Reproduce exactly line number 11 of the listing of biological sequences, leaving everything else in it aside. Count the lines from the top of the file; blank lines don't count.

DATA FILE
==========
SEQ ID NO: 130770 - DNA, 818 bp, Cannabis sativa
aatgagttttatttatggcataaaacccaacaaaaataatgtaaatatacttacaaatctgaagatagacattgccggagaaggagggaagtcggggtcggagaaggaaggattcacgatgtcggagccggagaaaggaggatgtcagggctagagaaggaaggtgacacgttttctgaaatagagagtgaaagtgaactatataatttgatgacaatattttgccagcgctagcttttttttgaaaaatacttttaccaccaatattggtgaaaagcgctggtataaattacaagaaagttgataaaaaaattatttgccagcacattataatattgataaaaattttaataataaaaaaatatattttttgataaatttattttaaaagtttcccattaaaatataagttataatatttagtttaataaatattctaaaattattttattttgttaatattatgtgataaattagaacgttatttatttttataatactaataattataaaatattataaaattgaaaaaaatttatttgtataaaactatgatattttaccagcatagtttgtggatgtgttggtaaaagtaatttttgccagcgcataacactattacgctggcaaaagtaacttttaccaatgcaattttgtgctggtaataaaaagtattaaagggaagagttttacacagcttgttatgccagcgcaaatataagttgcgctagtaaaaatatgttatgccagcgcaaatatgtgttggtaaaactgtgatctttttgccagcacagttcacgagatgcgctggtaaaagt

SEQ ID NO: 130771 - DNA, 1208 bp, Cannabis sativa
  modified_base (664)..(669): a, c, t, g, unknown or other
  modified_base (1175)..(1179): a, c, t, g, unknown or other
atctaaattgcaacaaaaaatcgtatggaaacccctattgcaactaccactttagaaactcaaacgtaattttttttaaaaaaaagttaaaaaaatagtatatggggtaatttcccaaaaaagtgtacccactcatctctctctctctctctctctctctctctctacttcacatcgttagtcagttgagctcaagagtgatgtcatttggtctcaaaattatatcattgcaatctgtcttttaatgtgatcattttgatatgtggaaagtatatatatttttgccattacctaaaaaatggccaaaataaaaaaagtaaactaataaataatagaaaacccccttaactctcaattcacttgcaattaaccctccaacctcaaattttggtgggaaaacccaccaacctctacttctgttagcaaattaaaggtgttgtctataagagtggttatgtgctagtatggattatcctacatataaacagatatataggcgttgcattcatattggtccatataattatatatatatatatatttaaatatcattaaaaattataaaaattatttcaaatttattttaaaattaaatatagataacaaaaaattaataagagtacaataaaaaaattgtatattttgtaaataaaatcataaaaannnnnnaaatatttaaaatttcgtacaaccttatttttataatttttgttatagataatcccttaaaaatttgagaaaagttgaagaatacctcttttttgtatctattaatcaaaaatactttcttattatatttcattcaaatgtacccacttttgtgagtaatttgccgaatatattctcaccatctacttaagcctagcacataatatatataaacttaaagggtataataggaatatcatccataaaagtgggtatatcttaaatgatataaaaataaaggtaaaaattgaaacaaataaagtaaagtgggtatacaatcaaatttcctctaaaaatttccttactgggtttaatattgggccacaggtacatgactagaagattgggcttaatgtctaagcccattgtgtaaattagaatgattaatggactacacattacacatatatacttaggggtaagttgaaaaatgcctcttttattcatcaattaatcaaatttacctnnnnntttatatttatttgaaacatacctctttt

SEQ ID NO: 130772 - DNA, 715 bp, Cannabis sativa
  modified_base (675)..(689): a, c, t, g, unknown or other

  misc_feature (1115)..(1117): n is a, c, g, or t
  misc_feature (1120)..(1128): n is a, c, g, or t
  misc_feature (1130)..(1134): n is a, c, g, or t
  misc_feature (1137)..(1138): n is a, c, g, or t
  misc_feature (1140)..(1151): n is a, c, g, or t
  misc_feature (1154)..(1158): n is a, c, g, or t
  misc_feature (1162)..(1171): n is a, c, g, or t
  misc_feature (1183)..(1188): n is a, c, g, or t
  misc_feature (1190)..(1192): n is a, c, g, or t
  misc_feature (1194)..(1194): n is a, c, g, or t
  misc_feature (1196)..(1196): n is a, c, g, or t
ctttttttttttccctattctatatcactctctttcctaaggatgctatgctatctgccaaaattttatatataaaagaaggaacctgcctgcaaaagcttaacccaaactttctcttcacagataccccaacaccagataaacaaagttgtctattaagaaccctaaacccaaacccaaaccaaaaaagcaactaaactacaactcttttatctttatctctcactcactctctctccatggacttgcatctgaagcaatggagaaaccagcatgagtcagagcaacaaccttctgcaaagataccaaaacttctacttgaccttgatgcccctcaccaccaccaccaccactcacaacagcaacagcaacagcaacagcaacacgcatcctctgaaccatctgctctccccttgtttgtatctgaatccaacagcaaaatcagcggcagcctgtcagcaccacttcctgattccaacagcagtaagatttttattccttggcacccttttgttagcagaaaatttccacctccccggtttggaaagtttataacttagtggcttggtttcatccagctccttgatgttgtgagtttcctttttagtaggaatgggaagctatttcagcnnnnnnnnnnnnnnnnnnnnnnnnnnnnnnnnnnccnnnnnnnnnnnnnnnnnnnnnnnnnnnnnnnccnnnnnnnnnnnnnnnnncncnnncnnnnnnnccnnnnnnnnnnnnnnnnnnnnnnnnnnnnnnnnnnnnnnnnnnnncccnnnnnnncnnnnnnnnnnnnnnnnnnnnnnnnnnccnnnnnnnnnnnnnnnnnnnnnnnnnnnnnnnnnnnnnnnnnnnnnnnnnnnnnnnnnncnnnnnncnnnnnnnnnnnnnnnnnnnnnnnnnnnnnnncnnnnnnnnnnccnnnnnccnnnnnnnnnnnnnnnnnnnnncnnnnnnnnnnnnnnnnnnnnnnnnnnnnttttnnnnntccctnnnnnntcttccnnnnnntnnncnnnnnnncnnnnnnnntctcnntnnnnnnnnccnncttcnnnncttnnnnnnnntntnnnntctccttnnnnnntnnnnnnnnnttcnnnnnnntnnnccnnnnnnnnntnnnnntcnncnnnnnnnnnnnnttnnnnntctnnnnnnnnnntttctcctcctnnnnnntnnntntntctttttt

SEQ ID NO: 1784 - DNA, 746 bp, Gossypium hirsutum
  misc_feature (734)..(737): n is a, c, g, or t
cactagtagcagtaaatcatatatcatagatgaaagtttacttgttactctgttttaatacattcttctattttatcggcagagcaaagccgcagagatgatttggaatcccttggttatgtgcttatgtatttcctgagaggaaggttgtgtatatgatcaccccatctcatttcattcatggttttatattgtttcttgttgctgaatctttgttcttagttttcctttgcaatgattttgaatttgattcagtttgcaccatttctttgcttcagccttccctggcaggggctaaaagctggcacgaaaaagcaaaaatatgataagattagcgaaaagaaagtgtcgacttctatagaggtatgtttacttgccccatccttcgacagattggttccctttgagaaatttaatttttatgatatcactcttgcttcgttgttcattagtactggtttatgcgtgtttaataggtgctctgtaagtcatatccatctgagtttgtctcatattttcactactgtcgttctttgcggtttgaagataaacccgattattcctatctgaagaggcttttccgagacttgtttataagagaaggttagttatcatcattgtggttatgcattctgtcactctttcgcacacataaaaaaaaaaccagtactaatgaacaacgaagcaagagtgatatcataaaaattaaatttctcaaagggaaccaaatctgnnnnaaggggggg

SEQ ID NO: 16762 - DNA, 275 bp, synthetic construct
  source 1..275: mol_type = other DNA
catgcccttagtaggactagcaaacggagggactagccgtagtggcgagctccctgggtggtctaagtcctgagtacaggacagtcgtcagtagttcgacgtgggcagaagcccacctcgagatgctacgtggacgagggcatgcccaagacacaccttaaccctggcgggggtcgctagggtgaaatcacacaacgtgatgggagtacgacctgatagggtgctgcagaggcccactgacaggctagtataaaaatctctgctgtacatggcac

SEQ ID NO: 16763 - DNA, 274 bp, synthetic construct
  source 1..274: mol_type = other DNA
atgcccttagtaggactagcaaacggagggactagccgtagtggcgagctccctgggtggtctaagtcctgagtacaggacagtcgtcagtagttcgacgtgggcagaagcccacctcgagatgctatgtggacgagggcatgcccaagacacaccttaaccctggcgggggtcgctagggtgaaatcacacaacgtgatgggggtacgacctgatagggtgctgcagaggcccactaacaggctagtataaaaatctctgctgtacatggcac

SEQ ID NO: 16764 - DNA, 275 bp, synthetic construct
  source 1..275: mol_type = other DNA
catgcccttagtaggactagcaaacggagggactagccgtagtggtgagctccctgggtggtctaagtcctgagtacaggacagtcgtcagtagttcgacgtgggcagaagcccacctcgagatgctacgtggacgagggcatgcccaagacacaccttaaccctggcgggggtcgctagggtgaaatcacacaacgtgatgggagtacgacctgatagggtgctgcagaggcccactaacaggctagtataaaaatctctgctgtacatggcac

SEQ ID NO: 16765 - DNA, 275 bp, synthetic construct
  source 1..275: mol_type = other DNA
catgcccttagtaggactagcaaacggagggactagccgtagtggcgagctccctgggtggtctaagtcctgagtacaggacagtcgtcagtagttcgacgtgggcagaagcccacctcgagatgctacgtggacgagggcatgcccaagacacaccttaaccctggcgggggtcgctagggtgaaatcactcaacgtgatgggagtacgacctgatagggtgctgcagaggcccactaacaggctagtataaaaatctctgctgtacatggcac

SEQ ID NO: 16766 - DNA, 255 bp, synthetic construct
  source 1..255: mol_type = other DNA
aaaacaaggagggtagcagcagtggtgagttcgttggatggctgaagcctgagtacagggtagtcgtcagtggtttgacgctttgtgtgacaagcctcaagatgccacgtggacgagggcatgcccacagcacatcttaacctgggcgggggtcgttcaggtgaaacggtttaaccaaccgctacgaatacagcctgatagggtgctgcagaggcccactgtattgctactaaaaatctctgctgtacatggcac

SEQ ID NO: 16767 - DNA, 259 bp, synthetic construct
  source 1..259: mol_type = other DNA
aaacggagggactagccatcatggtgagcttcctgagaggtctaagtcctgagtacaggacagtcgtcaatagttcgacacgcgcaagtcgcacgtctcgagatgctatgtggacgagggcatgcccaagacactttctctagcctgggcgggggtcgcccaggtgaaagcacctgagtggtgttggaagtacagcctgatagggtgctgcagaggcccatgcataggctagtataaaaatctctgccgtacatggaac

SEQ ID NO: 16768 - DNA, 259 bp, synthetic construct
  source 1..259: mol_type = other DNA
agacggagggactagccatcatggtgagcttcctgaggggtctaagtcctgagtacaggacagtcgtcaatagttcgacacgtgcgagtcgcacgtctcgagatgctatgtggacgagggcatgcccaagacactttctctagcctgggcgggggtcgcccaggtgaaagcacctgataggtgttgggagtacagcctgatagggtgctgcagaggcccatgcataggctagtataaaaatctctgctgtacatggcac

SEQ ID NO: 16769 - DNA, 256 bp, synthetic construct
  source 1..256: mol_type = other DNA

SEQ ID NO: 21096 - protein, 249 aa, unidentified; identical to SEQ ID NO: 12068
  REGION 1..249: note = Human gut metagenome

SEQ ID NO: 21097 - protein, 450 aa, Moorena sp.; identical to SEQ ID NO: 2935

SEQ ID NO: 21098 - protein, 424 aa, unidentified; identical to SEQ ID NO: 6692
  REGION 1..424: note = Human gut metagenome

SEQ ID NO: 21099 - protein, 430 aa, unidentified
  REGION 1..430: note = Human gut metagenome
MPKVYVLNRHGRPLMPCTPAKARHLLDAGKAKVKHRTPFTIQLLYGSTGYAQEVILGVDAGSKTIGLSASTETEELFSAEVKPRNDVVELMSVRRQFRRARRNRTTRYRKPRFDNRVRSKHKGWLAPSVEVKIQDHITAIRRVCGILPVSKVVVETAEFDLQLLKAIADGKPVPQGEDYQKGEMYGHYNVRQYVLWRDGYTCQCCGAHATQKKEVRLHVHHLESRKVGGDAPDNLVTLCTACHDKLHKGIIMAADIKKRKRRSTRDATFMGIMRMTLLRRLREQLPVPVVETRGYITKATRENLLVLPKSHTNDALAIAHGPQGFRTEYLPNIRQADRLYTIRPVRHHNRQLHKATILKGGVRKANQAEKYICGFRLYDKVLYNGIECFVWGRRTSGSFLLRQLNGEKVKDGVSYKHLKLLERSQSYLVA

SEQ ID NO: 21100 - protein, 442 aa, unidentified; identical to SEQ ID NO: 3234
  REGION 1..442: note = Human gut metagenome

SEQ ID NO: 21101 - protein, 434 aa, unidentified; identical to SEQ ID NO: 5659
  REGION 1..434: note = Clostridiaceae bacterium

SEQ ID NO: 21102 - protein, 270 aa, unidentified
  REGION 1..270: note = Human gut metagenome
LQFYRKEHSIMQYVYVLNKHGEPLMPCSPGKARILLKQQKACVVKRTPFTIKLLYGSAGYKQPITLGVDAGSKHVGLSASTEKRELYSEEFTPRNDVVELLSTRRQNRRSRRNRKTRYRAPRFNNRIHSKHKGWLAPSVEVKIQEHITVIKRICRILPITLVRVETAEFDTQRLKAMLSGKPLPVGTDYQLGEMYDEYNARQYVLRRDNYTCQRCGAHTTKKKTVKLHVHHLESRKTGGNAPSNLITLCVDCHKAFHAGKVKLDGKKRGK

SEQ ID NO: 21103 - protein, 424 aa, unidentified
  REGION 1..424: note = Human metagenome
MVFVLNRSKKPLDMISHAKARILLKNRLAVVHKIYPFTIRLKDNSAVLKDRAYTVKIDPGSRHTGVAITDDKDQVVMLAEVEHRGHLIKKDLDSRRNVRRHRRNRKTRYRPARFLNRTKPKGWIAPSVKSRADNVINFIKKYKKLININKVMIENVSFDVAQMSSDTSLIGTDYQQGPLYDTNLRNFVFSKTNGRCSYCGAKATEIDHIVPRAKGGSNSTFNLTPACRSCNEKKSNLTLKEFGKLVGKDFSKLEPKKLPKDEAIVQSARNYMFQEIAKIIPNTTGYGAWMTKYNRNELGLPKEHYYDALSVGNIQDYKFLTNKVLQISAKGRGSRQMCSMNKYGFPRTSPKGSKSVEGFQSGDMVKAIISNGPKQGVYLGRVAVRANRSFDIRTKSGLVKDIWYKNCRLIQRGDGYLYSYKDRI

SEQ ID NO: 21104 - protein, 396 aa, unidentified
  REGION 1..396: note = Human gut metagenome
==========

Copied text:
  misc_feature (1130)..(1134): n is a, c, g, or t